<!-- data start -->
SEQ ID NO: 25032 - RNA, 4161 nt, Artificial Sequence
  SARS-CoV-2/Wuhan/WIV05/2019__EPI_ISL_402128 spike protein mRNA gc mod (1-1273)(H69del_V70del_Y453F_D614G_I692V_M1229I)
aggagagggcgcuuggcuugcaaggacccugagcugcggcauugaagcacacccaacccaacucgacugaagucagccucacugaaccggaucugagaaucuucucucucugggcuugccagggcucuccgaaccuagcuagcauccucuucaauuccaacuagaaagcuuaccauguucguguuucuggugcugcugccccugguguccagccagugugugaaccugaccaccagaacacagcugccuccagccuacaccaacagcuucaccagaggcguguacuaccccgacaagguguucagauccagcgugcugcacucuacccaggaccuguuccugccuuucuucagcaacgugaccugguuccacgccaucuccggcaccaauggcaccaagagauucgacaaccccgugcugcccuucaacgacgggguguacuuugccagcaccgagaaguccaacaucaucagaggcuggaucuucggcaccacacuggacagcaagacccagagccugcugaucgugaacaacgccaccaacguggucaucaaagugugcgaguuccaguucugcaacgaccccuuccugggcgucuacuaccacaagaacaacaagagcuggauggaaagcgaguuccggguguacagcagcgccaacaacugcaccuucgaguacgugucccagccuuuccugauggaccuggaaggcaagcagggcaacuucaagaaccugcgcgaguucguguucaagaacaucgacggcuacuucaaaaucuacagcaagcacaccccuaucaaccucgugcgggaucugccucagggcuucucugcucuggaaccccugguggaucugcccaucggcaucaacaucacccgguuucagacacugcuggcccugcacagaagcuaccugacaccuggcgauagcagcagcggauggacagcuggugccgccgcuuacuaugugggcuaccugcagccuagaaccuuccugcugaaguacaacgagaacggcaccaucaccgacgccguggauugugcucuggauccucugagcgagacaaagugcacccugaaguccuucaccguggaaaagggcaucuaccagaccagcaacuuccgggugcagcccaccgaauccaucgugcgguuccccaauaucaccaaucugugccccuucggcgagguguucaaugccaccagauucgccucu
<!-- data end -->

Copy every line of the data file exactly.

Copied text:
SEQ ID NO: 25032 - RNA, 4161 nt, Artificial Sequence
  SARS-CoV-2/Wuhan/WIV05/2019__EPI_ISL_402128 spike protein mRNA gc mod (1-1273)(H69del_V70del_Y453F_D614G_I692V_M1229I)
aggagagggcgcuuggcuugcaaggacccugagcugcggcauugaagcacacccaacccaacucgacugaagucagccucacugaaccggaucugagaaucuucucucucugggcuugccagggcucuccgaaccuagcuagcauccucuucaauuccaacuagaaagcuuaccauguucguguuucuggugcugcugccccugguguccagccagugugugaaccugaccaccagaacacagcugccuccagccuacaccaacagcuucaccagaggcguguacuaccccgacaagguguucagauccagcgugcugcacucuacccaggaccuguuccugccuuucuucagcaacgugaccugguuccacgccaucuccggcaccaauggcaccaagagauucgacaaccccgugcugcccuucaacgacgggguguacuuugccagcaccgagaaguccaacaucaucagaggcuggaucuucggcaccacacuggacagcaagacccagagccugcugaucgugaacaacgccaccaacguggucaucaaagugugcgaguuccaguucugcaacgaccccuuccugggcgucuacuaccacaagaacaacaagagcuggauggaaagcgaguuccggguguacagcagcgccaacaacugcaccuucgaguacgugucccagccuuuccugauggaccuggaaggcaagcagggcaacuucaagaaccugcgcgaguucguguucaagaacaucgacggcuacuucaaaaucuacagcaagcacaccccuaucaaccucgugcgggaucugccucagggcuucucugcucuggaaccccugguggaucugcccaucggcaucaacaucacccgguuucagacacugcuggcccugcacagaagcuaccugacaccuggcgauagcagcagcggauggacagcuggugccgccgcuuacuaugugggcuaccugcagccuagaaccuuccugcugaaguacaacgagaacggcaccaucaccgacgccguggauugugcucuggauccucugagcgagacaaagugcacccugaaguccuucaccguggaaaagggcaucuaccagaccagcaacuuccgggugcagcccaccgaauccaucgugcgguuccccaauaucaccaaucugugccccuucggcgagguguucaaugccaccagauucgccucu